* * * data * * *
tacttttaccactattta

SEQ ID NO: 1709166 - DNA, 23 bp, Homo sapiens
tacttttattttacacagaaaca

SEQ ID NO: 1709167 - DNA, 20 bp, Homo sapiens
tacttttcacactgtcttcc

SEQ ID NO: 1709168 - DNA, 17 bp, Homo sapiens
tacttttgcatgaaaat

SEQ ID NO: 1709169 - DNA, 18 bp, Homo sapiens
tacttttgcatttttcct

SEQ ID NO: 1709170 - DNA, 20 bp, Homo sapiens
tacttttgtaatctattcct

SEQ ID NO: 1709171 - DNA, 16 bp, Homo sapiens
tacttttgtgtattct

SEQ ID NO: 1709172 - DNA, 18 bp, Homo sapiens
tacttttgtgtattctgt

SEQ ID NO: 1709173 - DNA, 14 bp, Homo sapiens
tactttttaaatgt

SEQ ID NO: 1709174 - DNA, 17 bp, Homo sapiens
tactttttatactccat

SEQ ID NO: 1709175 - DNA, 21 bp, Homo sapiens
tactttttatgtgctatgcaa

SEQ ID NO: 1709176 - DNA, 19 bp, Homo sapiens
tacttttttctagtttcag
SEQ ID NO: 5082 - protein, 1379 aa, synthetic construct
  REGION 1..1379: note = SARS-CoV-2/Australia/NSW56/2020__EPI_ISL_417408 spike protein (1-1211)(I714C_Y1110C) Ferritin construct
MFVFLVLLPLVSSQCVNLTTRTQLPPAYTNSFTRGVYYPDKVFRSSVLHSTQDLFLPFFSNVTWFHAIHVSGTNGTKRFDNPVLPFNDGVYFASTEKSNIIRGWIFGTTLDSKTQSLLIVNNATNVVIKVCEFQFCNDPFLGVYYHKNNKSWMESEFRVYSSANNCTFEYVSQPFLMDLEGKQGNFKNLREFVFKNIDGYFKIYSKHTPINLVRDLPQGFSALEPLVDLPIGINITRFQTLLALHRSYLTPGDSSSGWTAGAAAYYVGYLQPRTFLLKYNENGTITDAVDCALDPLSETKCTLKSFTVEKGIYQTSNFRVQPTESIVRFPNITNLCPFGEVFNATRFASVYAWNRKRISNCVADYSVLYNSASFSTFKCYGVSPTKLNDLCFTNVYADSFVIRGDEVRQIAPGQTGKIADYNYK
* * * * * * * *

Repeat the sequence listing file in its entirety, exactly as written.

tacttttaccactattta

SEQ ID NO: 1709166 - DNA, 23 bp, Homo sapiens
tacttttattttacacagaaaca

SEQ ID NO: 1709167 - DNA, 20 bp, Homo sapiens
tacttttcacactgtcttcc

SEQ ID NO: 1709168 - DNA, 17 bp, Homo sapiens
tacttttgcatgaaaat

SEQ ID NO: 1709169 - DNA, 18 bp, Homo sapiens
tacttttgcatttttcct

SEQ ID NO: 1709170 - DNA, 20 bp, Homo sapiens
tacttttgtaatctattcct

SEQ ID NO: 1709171 - DNA, 16 bp, Homo sapiens
tacttttgtgtattct

SEQ ID NO: 1709172 - DNA, 18 bp, Homo sapiens
tacttttgtgtattctgt

SEQ ID NO: 1709173 - DNA, 14 bp, Homo sapiens
tactttttaaatgt

SEQ ID NO: 1709174 - DNA, 17 bp, Homo sapiens
tactttttatactccat

SEQ ID NO: 1709175 - DNA, 21 bp, Homo sapiens
tactttttatgtgctatgcaa

SEQ ID NO: 1709176 - DNA, 19 bp, Homo sapiens
tacttttttctagtttcag
SEQ ID NO: 5082 - protein, 1379 aa, synthetic construct
  REGION 1..1379: note = SARS-CoV-2/Australia/NSW56/2020__EPI_ISL_417408 spike protein (1-1211)(I714C_Y1110C) Ferritin construct
MFVFLVLLPLVSSQCVNLTTRTQLPPAYTNSFTRGVYYPDKVFRSSVLHSTQDLFLPFFSNVTWFHAIHVSGTNGTKRFDNPVLPFNDGVYFASTEKSNIIRGWIFGTTLDSKTQSLLIVNNATNVVIKVCEFQFCNDPFLGVYYHKNNKSWMESEFRVYSSANNCTFEYVSQPFLMDLEGKQGNFKNLREFVFKNIDGYFKIYSKHTPINLVRDLPQGFSALEPLVDLPIGINITRFQTLLALHRSYLTPGDSSSGWTAGAAAYYVGYLQPRTFLLKYNENGTITDAVDCALDPLSETKCTLKSFTVEKGIYQTSNFRVQPTESIVRFPNITNLCPFGEVFNATRFASVYAWNRKRISNCVADYSVLYNSASFSTFKCYGVSPTKLNDLCFTNVYADSFVIRGDEVRQIAPGQTGKIADYNYK